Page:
I, and many other bloggers, wrote earlier this year about an incident in which a U.S. Army patrol fired on a car in Iraq that carried a mother, father, and six children. The parents were killed and one of the kids was badly wounded. What made this incident different from many other accidental (or reckless) shootings during the course of the war was the presence of a press photographer, Chris Hondros of Getty Images, who recorded the horror of the scene. Newsweek has a story in its current issue on the shooting’s extraordinarily unhappy aftermath.
I see this evening, by way of Mark Frauenfelder on BoingBoing, that a group of people in the Seattle area has set up a relief fund for the family, the Hassans (the parents left nine children behind; the boy wounded in the attack suffered spinal injuries and could be permanently paralyzed unless he gets access to expensive medical treatment unavailable in Iraq). The fund has been organized under the auspices of an Anglican church group and a tech consulting firm, and is taking donations by mail or via PayPal. Check out the relief fund page for yourself.
Perhaps the fund is just our typical Yank gesture: We’re so sorry we killed your parents; let us give you some cash. On the other hand, it’s a small way of trying to set right the damage wrought by all our highly principled, well-intentioned violence.
4 Replies to “Making Up for Good Intentions”
Thank you very much for putting a link to the Hassan Family Fund site on your blog. Just wanted to say thanks and tell you that our first order of business is already in motion — we’re working to get Rakan to medical treatment, and the funds we raise are going to help defray the costs of travel and housing during that time. Then we’re targeting permanent housing for the family, and possibly a scholarship in the parents’ name. God Bless. Thanks a lot!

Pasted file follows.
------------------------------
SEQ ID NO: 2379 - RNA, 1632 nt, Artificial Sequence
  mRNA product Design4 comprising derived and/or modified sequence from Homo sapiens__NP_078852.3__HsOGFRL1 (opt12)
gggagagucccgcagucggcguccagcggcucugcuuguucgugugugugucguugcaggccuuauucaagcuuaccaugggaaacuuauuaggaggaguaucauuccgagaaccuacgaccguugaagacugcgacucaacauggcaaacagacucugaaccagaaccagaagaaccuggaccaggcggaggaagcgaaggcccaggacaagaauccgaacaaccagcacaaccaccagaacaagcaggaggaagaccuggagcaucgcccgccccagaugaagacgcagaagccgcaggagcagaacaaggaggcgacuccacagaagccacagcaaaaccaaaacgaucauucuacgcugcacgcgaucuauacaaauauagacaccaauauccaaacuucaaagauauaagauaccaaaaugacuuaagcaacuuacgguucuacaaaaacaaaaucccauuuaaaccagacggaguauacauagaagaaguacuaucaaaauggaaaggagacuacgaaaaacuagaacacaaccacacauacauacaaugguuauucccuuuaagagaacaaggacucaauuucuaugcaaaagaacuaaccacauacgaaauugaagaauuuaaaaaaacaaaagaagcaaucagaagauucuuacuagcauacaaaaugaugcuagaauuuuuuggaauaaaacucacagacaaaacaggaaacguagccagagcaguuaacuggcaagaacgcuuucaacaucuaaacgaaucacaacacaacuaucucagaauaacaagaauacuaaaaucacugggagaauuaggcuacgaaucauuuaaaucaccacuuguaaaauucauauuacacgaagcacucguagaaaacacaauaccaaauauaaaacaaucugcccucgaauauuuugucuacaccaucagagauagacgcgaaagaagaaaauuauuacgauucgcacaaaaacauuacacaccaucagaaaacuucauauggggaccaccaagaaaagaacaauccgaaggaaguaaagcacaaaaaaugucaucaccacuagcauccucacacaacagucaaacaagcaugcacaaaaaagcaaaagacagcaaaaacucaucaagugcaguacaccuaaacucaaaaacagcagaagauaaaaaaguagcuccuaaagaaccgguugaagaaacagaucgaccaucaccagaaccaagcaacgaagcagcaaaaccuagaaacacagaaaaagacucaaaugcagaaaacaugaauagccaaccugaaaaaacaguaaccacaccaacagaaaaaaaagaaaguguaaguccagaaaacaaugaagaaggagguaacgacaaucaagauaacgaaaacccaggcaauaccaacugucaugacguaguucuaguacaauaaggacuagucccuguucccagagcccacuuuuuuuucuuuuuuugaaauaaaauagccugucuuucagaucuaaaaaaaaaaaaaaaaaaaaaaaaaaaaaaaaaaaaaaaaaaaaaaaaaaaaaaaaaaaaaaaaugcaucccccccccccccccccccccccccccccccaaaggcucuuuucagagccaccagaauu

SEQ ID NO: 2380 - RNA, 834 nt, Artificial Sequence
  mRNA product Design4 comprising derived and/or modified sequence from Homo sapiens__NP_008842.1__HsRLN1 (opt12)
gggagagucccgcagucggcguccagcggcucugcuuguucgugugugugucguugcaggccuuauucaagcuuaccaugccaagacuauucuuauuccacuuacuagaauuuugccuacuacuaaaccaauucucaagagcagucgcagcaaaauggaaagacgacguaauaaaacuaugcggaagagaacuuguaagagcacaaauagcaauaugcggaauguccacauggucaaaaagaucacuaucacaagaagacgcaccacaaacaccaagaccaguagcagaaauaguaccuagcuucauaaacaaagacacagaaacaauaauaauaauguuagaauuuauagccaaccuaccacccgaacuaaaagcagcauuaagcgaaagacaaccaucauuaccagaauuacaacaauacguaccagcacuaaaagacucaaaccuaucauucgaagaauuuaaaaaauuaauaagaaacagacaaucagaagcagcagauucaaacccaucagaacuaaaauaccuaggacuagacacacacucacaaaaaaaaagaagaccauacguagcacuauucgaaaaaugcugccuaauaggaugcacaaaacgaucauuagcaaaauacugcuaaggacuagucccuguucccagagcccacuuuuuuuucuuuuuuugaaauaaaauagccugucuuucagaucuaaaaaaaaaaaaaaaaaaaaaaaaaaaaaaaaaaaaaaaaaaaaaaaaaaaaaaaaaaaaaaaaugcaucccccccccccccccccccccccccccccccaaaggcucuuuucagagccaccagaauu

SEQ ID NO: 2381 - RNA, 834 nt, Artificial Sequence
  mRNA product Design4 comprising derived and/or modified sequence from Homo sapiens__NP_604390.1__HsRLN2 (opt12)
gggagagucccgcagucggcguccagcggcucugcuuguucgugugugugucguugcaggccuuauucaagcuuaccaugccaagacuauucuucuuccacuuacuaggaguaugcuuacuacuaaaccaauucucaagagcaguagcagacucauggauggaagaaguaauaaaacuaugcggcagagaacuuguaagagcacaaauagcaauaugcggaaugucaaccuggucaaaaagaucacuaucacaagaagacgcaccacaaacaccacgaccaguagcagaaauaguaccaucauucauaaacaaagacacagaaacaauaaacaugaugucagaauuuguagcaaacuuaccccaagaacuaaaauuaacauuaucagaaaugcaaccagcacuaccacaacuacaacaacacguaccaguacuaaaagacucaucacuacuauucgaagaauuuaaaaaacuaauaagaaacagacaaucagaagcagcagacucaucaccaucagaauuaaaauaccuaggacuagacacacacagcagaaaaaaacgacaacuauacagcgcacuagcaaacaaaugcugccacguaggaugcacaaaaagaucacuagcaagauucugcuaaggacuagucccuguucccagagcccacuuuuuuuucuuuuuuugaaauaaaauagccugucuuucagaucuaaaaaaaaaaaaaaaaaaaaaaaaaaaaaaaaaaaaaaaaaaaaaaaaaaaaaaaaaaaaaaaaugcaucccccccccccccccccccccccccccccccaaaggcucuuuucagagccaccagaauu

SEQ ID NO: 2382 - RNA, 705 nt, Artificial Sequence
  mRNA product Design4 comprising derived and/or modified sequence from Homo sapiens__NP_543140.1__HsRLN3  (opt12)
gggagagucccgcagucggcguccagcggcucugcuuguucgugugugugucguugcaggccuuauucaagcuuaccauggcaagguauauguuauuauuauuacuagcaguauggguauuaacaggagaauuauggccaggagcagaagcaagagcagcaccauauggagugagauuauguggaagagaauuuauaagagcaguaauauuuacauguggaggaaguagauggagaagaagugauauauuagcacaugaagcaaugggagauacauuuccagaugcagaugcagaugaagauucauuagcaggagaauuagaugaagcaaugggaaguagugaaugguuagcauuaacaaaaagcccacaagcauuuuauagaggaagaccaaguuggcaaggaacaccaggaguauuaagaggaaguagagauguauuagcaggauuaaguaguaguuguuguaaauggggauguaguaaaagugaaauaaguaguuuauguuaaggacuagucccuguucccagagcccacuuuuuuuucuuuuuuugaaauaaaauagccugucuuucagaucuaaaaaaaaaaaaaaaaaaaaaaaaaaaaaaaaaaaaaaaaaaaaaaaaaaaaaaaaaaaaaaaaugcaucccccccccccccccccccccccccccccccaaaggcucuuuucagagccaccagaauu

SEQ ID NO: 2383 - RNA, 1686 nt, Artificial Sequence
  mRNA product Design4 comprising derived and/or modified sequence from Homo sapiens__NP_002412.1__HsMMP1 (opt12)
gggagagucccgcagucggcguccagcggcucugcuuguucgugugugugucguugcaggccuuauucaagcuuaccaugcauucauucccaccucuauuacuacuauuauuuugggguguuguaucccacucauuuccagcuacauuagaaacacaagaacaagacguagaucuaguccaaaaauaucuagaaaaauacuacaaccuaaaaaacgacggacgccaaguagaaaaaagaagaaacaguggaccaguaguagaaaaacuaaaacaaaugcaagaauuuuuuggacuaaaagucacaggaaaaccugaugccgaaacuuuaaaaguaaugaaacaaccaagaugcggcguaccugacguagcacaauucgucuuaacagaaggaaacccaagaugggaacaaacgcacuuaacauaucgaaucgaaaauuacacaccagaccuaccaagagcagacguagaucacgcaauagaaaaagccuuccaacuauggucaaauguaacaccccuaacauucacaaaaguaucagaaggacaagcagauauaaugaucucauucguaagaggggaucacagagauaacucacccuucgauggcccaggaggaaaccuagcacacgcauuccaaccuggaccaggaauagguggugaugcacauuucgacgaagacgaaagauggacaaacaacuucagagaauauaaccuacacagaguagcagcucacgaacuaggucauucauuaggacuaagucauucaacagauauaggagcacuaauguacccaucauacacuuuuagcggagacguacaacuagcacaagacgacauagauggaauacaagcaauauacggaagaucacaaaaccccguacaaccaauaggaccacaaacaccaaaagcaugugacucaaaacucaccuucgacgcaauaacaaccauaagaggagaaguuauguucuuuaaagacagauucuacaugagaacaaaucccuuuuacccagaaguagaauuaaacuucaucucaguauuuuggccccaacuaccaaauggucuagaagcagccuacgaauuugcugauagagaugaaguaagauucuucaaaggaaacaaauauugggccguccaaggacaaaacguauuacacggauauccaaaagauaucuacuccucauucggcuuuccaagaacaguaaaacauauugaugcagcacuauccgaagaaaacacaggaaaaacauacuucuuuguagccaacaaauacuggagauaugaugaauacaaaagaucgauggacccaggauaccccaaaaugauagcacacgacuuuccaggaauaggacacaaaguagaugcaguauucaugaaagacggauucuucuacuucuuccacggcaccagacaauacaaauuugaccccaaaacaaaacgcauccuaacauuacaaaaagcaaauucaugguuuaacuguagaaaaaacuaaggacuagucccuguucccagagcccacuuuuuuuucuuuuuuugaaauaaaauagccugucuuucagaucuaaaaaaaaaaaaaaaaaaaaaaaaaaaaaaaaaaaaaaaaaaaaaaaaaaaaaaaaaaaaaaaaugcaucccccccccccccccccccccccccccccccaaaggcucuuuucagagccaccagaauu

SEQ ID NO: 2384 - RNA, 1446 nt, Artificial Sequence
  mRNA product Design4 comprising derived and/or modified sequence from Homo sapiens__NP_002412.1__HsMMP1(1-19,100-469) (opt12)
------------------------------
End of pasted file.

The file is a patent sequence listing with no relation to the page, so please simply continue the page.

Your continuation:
I, too, wanted to thank you for posting the link. I e-mailed Mark Frauenfelder Yesterday right after I got the note from Chris Hondros, and Mark was cool enough to post it within an hour.
I know it is small compensation to throw money to those who we, as a nation have tragically effected in ways we can never truly understand, let alone recompense. Yet for some of us who have little else to offer, at least is something, and I am thankful to have at least some opportunity to make any difference I can.
I am so haunted by these children. They are innocent victims of this illegal war. Please do all you can to make sure that they get our help. I particularly want to see the husband of the older sister get some money for the childrens’ support. We do not belong in Iraq. Our soldiers do not belong in Iraq.
I share your sentiments, Kristine. I think the fund is a good gesture, and I hope folks give what they can. As for the rest, I think it’s important just to keep the subject alive and keep people thinking about it.